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Wright v. Rivard

United States District Court, E.D. Michigan, Southern Division

April 30, 2018

EDDIE WRIGHT, #337007, Petitioner,
STEVEN RIVARD, Respondent.


          MARK A. GOLDSMITH United States District Judge

         This is a habeas case brought pursuant to 28 U.S.C. § 2254. Following a jury trial in the Macomb County Circuit Court, Eddie Wright (“Petitioner”) was convicted of assault with intent to commit murder, Mich. Comp. Laws § 750.83; carrying a concealed weapon, Mich. Comp. Laws § 750.227(2); felon in possession of a firearm, Mich. Comp. Laws § 750.224f; and possession of a firearm during the commission of a felony, Mich. Comp. Laws § 750.227b. He was sentenced as a fourth habitual offender, Mich. Comp. Laws § 769.12, to concurrent terms of 10 ½ to 20 years imprisonment on the assault, concealed weapon, and felon in possession convictions and a term of two years imprisonment on the felony firearm conviction to be served consecutively to the assault conviction but concurrently to the other convictions in 2014. In his pleadings, Petitioner raises claims concerning the sufficiency of the evidence and the validity of his sentence. For the reasons set forth, the Court denies the petition for a writ of habeas corpus. The Court also denies a certificate of appealability and denies leave to proceed in forma pauperis on appeal.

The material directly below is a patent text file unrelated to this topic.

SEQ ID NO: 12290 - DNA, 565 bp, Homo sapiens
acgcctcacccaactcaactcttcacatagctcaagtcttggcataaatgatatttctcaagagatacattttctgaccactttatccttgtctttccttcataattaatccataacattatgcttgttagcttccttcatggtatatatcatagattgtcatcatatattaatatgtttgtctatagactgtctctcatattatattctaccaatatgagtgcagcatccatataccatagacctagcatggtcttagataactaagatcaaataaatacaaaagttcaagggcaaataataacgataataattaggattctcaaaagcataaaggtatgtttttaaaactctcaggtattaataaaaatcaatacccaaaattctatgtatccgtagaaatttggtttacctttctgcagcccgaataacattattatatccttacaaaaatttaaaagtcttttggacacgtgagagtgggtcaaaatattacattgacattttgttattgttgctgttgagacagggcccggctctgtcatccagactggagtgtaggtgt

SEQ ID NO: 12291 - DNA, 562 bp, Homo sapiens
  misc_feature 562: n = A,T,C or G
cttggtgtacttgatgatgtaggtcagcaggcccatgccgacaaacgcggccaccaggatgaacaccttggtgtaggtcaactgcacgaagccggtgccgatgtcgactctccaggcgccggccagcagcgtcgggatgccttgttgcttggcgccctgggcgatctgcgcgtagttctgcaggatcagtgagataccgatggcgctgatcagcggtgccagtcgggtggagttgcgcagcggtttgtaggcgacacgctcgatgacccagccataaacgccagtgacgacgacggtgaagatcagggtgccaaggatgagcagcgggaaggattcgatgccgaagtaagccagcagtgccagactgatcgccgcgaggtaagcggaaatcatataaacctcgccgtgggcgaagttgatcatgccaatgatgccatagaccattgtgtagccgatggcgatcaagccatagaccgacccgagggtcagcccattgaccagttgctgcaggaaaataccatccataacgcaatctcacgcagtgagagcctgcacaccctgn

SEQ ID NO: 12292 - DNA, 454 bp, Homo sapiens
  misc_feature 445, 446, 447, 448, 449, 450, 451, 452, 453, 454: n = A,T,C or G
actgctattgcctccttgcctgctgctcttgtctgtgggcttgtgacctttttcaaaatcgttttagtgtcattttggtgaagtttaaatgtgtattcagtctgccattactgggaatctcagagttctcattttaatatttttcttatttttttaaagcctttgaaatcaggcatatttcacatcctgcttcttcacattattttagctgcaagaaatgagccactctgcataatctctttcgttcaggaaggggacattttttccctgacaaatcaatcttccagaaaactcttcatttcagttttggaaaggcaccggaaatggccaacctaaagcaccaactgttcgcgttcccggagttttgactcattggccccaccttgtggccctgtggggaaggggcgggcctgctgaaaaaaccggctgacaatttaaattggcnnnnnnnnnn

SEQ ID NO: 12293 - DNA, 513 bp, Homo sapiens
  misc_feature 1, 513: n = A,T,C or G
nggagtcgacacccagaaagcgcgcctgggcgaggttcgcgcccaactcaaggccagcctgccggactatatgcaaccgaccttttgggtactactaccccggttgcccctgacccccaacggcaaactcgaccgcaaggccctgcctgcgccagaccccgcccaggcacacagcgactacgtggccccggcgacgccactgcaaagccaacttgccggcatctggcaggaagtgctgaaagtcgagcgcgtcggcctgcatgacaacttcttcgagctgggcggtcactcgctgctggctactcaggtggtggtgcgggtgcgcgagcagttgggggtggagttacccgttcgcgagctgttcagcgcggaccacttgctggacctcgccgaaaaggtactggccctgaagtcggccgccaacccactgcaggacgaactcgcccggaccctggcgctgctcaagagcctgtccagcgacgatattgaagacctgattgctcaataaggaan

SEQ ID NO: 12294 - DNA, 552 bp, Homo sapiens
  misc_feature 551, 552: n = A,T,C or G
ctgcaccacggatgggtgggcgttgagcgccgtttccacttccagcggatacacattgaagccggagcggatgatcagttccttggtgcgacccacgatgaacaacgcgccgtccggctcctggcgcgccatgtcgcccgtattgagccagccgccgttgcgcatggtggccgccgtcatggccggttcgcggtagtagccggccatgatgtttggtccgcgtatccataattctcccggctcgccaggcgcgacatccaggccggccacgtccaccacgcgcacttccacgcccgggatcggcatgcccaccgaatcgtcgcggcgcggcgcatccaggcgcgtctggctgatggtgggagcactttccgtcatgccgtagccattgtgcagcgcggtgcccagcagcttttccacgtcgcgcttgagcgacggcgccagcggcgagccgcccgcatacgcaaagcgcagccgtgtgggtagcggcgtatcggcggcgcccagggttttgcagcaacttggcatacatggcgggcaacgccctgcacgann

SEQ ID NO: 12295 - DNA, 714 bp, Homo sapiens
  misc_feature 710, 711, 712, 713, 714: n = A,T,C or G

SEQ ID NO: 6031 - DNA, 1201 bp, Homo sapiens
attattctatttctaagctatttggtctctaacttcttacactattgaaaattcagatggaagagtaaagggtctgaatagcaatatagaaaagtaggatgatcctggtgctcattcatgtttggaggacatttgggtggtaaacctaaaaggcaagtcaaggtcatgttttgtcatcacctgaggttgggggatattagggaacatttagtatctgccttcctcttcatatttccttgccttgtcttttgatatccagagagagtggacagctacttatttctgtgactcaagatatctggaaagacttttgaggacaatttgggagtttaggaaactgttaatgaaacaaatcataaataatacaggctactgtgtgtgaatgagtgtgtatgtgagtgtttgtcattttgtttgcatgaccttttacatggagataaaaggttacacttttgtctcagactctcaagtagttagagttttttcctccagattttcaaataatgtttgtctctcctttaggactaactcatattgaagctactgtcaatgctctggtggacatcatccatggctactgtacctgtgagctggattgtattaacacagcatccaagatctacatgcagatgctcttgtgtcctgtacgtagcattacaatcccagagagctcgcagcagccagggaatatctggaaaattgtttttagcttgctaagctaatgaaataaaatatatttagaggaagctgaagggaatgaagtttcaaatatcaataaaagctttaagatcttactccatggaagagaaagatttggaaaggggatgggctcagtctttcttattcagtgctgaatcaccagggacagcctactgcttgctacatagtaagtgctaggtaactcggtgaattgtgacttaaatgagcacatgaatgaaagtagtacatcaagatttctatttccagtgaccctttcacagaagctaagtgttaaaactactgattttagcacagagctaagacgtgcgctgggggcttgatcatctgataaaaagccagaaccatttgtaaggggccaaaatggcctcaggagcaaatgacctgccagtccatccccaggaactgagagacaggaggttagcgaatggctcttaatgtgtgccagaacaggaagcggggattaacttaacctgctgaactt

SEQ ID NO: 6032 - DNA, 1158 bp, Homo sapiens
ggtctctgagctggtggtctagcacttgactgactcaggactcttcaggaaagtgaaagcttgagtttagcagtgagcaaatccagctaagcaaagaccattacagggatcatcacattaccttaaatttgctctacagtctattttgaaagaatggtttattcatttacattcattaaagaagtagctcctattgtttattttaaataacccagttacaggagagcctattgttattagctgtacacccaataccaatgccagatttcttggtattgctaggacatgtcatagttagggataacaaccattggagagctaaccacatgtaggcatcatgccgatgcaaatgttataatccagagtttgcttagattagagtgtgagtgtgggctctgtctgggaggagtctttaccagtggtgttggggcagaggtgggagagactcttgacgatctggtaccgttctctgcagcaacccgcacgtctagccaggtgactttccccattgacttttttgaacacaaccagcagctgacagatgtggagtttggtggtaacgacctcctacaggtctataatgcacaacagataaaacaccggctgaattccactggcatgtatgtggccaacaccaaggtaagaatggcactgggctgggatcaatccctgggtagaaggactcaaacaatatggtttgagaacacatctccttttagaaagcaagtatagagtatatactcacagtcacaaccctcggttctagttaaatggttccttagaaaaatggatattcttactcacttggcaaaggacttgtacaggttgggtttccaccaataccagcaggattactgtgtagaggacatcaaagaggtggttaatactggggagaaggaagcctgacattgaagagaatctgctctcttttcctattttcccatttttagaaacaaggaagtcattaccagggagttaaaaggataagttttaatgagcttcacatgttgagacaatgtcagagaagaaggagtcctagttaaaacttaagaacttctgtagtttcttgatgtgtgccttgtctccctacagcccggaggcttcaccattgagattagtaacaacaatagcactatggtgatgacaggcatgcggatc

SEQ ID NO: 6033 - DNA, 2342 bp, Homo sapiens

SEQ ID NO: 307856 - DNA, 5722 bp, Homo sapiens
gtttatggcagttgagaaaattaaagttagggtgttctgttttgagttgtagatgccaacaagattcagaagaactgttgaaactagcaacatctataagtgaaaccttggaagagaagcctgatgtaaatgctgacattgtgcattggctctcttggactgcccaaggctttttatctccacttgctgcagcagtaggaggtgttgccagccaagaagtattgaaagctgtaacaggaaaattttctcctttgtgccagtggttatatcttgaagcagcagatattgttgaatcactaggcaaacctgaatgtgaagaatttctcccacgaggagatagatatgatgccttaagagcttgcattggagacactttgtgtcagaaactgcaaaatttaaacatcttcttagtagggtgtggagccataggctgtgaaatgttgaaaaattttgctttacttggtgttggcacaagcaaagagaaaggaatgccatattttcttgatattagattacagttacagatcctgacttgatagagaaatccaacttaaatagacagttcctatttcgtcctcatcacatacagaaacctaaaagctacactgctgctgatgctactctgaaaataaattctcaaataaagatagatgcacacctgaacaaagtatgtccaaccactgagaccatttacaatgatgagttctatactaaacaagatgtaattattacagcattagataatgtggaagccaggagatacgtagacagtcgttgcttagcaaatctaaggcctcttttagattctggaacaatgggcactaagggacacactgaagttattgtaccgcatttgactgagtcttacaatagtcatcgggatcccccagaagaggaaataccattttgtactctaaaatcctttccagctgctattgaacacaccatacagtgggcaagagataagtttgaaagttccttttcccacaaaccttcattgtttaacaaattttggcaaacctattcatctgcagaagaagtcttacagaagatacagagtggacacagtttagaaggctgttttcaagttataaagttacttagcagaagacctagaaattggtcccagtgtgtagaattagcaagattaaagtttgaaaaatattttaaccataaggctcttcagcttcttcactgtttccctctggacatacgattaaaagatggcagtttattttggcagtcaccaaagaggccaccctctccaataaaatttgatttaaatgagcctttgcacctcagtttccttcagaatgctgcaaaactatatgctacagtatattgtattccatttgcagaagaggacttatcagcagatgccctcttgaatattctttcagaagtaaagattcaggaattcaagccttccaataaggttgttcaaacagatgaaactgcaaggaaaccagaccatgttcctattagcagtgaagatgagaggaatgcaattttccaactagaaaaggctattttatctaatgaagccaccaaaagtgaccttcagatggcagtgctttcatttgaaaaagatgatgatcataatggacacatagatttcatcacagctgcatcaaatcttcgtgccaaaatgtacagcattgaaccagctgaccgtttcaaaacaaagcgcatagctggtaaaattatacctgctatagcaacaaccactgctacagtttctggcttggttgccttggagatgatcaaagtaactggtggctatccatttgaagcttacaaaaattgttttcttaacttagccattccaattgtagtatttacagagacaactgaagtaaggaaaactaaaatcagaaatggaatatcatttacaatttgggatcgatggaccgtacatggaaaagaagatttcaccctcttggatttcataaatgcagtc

I. BACKGROUND

         Petitioner's convictions arise from the attempted shooting of Sheikh Nyang following an altercation on Hudson Street in Warren, Michigan on June 2, 2013. The trial testimony revealed that a fight involving Petitioner and Nyang occurred on the outskirts of Nyang's driveway, following Petitioner's threats to kill Nyang and his family. While Nyang's two young daughters played in the front yard, Nyang and his wife were in the driveway vacuuming the inside of their car when Nyang heard Petitioner say, “I'm going to kill you and your kids.” 1/8/14 Trial Tr., pp. 41-42 (Dkt. 7-6). Nyang did not recognize the man and responded, “What”? As Petitioner approached Nyang, he again threatened to kill Petitioner and his children. Id. at 45.

         When Petitioner was within six steps of Nyang, he pulled out a gun from the inside of his pants, racked the chamber, and pointed it at Nyang's head. Id. at 47. Nyang's wife screamed as she rushed her children into the backyard. Id. at 50, 77, 79. While continuing to point the gun at Nyang, Petitioner pulled the trigger, but the gun jammed. Id. at 50. Nyang heard the click and could see the hollow point bullet protruding from the magazine. Id. at 50-51. Petitioner attempted to clear the jam by racking the slide again, but Nyang did not give him a second chance. Id. at 54. Nyang lunged toward Petitioner and they wrestled each other on the ground. Id. Petitioner smelled like alcohol. Id. Petitioner continued to try to chamber another round. Id. at 50. Nyang managed to swipe the gun away from Petitioner. Id. A woman, later identified as Petitioner's wife, Malesa Wright, drove up to the scene. Id. at 51. She yanked Petitioner into the passenger side of her car and sped away. Id. at 54.